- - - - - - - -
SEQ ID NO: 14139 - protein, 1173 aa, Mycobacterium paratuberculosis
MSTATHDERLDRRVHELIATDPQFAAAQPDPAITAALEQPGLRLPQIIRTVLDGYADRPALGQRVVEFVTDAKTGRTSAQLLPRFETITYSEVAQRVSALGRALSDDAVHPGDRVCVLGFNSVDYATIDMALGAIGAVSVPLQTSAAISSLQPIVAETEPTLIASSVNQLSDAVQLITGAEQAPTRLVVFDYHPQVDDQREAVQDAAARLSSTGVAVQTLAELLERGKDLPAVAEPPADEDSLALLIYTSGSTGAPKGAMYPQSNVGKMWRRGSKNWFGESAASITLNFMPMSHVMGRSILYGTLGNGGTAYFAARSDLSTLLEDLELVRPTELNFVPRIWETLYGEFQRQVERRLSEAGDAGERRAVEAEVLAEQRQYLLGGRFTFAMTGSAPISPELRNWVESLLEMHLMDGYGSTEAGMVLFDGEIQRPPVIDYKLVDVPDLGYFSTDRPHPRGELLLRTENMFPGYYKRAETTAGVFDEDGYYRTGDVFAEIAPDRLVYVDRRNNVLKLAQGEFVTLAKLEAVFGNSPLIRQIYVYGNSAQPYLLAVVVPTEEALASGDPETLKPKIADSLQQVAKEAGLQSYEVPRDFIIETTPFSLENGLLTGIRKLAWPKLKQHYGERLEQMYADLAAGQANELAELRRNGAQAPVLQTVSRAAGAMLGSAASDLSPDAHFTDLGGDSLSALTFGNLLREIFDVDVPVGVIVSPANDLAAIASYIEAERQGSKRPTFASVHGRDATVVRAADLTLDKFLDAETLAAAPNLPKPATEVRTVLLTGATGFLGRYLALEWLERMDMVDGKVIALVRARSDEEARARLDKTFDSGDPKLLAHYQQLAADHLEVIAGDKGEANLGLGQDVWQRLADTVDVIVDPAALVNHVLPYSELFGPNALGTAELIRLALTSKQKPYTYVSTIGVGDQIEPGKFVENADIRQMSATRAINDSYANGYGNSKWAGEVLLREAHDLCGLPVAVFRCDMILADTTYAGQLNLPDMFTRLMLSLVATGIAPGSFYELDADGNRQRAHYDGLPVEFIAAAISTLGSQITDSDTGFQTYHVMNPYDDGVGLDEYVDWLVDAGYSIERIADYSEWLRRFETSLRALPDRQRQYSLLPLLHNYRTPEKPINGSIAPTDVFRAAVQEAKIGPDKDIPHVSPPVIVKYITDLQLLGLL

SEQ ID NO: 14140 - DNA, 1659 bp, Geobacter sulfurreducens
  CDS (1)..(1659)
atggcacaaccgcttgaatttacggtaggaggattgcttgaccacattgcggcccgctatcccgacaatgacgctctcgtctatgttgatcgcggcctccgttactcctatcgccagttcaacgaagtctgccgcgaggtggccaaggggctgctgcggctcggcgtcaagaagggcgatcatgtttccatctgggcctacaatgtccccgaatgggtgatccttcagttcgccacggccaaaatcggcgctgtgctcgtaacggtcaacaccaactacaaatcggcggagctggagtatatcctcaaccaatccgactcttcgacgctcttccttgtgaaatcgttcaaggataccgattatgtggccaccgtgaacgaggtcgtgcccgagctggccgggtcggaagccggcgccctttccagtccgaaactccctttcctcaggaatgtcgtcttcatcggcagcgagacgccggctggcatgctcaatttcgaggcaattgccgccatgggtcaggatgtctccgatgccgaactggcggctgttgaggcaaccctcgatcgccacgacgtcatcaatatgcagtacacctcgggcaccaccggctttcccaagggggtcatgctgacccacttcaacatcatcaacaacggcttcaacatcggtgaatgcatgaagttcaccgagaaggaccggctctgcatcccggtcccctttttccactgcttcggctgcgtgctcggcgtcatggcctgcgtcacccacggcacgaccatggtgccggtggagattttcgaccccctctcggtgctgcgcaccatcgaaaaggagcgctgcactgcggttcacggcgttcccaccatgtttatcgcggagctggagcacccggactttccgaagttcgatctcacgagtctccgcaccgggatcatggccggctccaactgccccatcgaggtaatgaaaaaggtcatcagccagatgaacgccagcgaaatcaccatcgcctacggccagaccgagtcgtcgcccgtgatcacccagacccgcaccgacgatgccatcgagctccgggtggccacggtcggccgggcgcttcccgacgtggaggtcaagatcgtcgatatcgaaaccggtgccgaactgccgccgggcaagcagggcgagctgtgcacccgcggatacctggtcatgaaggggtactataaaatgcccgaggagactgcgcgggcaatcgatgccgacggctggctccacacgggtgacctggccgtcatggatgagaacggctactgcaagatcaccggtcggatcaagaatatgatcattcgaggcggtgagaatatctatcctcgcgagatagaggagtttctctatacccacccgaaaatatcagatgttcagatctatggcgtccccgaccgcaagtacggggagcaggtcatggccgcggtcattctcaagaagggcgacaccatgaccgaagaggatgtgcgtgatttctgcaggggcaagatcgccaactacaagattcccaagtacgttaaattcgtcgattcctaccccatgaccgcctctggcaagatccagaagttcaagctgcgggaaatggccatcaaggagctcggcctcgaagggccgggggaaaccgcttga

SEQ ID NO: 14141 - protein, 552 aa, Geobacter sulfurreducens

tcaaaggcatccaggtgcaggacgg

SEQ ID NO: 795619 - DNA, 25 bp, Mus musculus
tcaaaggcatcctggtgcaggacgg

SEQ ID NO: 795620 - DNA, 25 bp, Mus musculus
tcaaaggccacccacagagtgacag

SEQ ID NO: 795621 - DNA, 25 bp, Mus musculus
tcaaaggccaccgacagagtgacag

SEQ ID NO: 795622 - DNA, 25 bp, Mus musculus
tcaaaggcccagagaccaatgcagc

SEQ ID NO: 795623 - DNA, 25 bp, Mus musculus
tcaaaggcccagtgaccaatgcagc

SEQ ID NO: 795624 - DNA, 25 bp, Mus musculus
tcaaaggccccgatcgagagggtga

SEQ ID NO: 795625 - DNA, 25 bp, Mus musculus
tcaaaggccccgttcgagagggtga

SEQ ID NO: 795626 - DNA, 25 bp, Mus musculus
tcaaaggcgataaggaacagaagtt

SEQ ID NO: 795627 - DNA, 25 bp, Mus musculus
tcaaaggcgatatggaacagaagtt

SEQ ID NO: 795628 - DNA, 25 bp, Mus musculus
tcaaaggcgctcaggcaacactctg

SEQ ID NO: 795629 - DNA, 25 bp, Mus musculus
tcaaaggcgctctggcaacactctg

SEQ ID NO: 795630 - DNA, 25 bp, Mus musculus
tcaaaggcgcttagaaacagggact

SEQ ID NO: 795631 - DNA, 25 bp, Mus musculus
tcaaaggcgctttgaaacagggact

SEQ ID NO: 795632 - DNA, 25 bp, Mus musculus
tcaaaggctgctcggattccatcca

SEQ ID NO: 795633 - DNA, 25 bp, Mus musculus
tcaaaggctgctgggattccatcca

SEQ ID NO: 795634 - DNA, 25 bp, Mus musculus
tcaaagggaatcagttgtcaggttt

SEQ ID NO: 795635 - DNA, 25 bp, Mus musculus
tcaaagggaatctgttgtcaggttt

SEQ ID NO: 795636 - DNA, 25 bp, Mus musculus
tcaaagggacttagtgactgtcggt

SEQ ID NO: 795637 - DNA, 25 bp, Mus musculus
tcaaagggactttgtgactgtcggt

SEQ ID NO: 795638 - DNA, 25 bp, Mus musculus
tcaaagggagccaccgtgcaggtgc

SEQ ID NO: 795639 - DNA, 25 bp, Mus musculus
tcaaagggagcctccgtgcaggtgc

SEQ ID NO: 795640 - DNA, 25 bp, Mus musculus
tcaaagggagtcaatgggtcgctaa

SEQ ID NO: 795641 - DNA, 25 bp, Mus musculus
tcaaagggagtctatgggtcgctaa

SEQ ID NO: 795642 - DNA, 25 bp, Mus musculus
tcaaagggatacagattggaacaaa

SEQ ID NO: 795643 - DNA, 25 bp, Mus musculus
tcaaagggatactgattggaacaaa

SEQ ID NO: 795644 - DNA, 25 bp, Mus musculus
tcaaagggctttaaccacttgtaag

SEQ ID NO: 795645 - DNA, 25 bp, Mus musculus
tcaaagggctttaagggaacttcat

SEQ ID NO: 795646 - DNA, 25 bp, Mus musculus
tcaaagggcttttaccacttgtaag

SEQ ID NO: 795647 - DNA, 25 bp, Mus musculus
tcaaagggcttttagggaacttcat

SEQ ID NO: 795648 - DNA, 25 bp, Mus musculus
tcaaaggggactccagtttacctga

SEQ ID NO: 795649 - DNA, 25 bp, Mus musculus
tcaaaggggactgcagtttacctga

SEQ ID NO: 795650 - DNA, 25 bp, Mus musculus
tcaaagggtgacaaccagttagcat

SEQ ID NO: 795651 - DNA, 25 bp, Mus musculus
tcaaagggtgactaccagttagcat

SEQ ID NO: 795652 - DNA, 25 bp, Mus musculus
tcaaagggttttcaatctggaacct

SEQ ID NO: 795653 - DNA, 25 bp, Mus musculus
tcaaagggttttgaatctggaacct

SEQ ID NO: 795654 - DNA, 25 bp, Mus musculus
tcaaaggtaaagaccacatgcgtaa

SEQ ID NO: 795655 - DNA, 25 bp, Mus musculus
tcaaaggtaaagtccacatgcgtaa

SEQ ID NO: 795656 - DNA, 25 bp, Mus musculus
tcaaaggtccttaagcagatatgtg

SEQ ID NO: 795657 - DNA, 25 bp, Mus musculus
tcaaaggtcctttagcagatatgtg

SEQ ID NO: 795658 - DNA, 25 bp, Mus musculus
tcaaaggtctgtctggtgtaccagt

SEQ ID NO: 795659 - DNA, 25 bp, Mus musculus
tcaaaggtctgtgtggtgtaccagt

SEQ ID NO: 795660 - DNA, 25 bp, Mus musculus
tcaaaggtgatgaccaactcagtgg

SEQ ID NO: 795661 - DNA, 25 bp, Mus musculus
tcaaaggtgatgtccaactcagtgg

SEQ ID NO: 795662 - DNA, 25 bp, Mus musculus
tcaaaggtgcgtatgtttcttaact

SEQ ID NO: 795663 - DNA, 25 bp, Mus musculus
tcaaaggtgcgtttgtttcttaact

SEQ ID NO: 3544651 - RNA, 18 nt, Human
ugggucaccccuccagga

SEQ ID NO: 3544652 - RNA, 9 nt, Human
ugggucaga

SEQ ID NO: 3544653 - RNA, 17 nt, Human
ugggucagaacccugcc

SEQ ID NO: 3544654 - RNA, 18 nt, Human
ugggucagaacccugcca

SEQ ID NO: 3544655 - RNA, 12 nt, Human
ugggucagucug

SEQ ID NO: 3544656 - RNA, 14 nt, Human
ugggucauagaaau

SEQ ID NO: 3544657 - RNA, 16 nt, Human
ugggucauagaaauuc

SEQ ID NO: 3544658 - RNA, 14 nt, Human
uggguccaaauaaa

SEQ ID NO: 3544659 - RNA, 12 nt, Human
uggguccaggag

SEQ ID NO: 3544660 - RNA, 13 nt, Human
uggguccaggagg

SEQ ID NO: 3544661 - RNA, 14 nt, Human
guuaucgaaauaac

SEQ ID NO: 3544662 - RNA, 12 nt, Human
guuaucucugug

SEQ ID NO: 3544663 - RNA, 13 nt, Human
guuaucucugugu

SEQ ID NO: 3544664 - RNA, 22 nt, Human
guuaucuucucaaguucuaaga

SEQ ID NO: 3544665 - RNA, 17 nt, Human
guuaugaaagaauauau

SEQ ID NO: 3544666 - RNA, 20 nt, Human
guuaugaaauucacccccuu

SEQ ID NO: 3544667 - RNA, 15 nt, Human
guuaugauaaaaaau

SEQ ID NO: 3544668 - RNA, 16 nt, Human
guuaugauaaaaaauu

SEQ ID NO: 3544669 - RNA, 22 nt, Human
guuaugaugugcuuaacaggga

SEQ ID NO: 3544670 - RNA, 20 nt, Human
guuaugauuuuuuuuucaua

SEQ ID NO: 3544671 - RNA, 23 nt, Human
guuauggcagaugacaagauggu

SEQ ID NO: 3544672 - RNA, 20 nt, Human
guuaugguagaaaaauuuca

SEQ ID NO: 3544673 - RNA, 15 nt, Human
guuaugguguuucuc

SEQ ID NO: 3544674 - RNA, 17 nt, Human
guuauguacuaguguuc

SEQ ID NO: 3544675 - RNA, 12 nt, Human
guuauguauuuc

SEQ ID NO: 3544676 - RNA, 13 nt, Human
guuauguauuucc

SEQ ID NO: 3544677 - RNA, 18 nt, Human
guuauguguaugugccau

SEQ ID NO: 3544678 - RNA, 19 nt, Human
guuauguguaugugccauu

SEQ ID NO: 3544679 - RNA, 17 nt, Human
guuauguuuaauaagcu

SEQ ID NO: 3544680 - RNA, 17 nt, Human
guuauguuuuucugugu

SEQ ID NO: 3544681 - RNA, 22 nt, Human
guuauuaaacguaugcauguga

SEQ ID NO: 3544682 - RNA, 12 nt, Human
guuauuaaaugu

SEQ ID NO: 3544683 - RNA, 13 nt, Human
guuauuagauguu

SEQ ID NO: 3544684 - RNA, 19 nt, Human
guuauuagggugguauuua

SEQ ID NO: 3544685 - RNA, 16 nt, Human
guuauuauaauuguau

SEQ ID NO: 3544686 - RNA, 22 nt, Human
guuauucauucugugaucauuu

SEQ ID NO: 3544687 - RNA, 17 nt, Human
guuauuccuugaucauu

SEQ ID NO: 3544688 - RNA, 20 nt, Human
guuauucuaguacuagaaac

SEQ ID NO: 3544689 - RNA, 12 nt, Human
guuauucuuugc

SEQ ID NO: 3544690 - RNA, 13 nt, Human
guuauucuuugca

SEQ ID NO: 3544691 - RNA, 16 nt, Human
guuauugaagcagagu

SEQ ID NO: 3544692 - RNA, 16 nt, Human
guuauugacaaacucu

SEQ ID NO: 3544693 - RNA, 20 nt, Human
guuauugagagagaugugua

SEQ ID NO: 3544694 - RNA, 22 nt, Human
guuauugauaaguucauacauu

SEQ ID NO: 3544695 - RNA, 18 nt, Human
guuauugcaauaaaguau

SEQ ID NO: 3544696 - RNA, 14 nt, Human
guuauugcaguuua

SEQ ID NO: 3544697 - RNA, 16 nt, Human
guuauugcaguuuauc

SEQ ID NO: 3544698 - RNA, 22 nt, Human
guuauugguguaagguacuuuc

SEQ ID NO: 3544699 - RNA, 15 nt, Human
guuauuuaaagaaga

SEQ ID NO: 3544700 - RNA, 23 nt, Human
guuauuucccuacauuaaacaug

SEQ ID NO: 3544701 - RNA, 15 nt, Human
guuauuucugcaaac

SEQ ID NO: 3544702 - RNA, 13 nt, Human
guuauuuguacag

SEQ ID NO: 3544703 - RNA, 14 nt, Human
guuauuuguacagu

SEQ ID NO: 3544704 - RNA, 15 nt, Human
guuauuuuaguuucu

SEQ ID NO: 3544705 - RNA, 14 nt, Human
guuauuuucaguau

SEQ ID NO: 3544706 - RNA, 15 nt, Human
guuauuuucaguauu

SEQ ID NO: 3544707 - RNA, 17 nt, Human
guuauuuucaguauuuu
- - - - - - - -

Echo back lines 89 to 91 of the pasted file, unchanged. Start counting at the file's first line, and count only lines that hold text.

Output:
tcaaaggtctgtgtggtgtaccagt

SEQ ID NO: 795660 - DNA, 25 bp, Mus musculus
tcaaaggtgatgaccaactcagtgg